Supposing it was discovered that (say) eating a handful of grass every day would ward off cancer. In an RBE there would be much rejoicing at the discovery and studies would look into how we can produce and distribute enough grass to meet this new need, and/or how we could extract or manufacure the active ingredient if that would make the remedy more efficient. The objective would be to derive the most human benefit from the least unit of resource.

In our current economy, the jobs of people who work in big pharma and the cancer industry would be at stake. It would be in the vested interest to discredit the claim that grass cures cancer, or to corner the market in grass, or to monetise it or the active ingredient that brings the benefit. It is easy to deride this need to protect vested interests, but it is a very real need. If people don't have jobs their lives collapse. Therefore there's a trade off of jobs for other gains. The "need" to have a job has to be weighed against other needs.

In an RBE, there is no need to do work for its own sake and if work can be handed over to machines or obviates, that is done as soon as possible. Thus if grass cures cancer and there is no more need for people to work in big pharma or the cancer industy that is good. Those people can do something else.

Saturday, 7 April 2012

Planned obsolesence

This version of the film has subtitles in ?Danish, and quite a lot of dialogue in French and German, but even if you can't get much from the non English content, it still gives a fascinating insight into the scourge of planned obsolescence.

There are several examples of PO in the film, and some encouraging examples of people defeating it. On strand shows someone hacking his printer, which has and EEPROM chip in it that makes if fail after a preset amount of time. As to the cartel that forced lightbulb manufacturers to limit the life of bulbs to 1000 hours, we should be shocked. The everlasting lightbulb is not a myth! There's one in the US that's burned for >100 years.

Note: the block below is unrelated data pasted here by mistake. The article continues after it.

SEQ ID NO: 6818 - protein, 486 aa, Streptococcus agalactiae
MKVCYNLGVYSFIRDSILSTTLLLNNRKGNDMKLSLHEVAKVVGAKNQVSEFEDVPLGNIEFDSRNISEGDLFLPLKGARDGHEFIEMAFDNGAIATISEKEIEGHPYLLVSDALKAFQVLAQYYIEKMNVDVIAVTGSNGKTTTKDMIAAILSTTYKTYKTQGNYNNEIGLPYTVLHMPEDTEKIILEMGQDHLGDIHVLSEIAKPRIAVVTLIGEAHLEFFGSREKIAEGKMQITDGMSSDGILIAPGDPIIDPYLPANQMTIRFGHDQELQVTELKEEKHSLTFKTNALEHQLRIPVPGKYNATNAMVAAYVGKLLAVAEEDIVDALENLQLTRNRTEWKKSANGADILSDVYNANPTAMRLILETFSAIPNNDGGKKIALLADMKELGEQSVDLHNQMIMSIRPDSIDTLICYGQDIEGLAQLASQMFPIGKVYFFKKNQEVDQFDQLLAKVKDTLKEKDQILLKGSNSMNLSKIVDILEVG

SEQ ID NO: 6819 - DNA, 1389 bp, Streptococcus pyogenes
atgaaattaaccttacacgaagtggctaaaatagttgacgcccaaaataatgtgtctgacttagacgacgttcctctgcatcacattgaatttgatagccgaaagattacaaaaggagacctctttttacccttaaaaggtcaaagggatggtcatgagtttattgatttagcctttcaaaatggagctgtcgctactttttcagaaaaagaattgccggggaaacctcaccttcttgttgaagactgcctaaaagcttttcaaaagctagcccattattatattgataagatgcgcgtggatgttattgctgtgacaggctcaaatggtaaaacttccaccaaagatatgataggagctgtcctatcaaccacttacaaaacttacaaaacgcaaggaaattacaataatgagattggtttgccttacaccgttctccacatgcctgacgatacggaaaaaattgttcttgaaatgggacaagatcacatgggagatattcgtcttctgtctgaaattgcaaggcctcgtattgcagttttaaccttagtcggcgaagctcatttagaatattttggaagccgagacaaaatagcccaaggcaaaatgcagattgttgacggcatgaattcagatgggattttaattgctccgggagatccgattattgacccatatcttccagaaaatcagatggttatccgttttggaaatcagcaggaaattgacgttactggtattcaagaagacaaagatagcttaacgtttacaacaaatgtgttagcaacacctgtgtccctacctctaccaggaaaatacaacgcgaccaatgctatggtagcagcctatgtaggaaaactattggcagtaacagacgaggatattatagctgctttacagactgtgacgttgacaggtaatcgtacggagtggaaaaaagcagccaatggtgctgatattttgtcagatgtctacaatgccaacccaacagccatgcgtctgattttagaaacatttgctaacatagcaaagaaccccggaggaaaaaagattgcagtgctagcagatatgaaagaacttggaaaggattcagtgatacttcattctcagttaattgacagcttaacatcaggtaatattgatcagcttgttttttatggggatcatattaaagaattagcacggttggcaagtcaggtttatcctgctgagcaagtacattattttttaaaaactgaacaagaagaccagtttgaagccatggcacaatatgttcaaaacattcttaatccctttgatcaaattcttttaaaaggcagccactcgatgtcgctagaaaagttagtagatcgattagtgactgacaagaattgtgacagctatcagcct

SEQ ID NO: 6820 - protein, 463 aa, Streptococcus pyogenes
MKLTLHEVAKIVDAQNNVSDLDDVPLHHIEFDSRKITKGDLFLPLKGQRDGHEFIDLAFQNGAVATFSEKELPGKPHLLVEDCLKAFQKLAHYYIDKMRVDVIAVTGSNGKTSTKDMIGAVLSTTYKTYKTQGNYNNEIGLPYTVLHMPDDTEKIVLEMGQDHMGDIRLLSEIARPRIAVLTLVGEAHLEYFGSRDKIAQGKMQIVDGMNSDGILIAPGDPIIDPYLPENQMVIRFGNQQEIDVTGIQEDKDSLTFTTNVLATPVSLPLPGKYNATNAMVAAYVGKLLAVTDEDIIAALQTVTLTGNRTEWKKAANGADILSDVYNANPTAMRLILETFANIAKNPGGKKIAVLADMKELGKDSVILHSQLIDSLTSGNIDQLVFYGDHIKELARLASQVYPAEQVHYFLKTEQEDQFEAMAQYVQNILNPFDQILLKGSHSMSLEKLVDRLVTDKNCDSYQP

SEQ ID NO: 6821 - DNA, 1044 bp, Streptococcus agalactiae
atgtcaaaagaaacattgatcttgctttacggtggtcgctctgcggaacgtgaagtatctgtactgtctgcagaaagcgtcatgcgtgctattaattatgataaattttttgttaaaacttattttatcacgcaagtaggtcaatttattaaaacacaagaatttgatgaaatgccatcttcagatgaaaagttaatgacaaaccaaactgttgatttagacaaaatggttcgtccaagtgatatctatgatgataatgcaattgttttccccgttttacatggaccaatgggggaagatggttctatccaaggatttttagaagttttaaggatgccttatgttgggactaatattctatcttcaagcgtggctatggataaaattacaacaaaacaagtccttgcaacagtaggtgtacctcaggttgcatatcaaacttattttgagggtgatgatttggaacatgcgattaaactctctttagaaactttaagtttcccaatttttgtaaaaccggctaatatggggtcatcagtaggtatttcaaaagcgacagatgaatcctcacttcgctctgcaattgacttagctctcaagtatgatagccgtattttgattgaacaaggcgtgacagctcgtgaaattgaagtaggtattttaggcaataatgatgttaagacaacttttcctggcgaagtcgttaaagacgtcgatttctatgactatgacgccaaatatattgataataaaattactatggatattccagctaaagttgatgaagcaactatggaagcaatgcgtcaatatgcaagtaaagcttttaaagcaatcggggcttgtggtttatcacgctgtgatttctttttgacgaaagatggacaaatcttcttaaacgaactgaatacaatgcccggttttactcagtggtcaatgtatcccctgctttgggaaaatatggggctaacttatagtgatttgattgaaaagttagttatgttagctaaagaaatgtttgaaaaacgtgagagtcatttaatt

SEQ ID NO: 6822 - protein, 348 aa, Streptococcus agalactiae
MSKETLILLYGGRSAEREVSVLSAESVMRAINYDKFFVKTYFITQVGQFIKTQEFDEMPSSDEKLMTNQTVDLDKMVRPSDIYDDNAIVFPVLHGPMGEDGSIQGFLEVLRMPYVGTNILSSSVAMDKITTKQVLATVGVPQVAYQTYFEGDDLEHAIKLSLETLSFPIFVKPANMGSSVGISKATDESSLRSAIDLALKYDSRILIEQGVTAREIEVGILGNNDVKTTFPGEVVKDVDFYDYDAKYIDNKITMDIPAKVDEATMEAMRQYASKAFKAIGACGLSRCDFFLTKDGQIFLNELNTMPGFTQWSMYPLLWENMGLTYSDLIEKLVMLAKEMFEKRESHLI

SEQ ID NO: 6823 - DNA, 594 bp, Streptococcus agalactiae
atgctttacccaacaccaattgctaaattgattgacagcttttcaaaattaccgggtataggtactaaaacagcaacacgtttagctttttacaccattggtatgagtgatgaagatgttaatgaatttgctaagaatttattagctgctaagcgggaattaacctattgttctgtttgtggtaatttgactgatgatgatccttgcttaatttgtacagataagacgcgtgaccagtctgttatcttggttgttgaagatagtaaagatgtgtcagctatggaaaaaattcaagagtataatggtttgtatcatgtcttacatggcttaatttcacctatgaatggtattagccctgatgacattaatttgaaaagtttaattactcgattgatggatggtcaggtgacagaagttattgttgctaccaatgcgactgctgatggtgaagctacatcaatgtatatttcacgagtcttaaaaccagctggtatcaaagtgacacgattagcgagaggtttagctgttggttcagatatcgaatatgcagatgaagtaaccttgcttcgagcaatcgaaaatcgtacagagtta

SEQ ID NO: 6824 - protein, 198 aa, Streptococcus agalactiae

What's most harrowing is seeing the computer scrap in Ghana, and the poor people scavenging for recyclable materials. There is a campaigner featyred there who tracks down the end users of the computers and pints out to them where they end up.

Another stand-out for me was the objection of workers to the making of long lasting goods, as this would do them out of their jobs. True, it would, but using up the planets finite resources to create jobs is completely insane. Use the resources consevatively, do only the work that the sustainable systen puls in - don't create work. And finally, share out the food, water, shelter, etc to everyone, so they don't have to work to survive.

Sunday, 1 April 2012

Systems thinking and air travel

Alastair Clayton, in a letter to The Times (London) reprinted in The Week magazine, makes a rather insightful observation that instead of building a third runway at Heathrow (a cypher for airport expansion generally) government should spend money making the process of clearing customs faster. (He is a non-EU passport holder).

In the abstract, this is an example of systems thinking. The system in transport should be seen as end-to-end. What time do I need to leave point A to get to point B by time T, and how do I do so most quickly? Mr Clayton says that clearing customs after a flight from Geneva to London can take longer than the flight itself. Optimising the rumway to runway component of air travel is optimising a subsystem. Optimising a subsystem can suboptimise a system.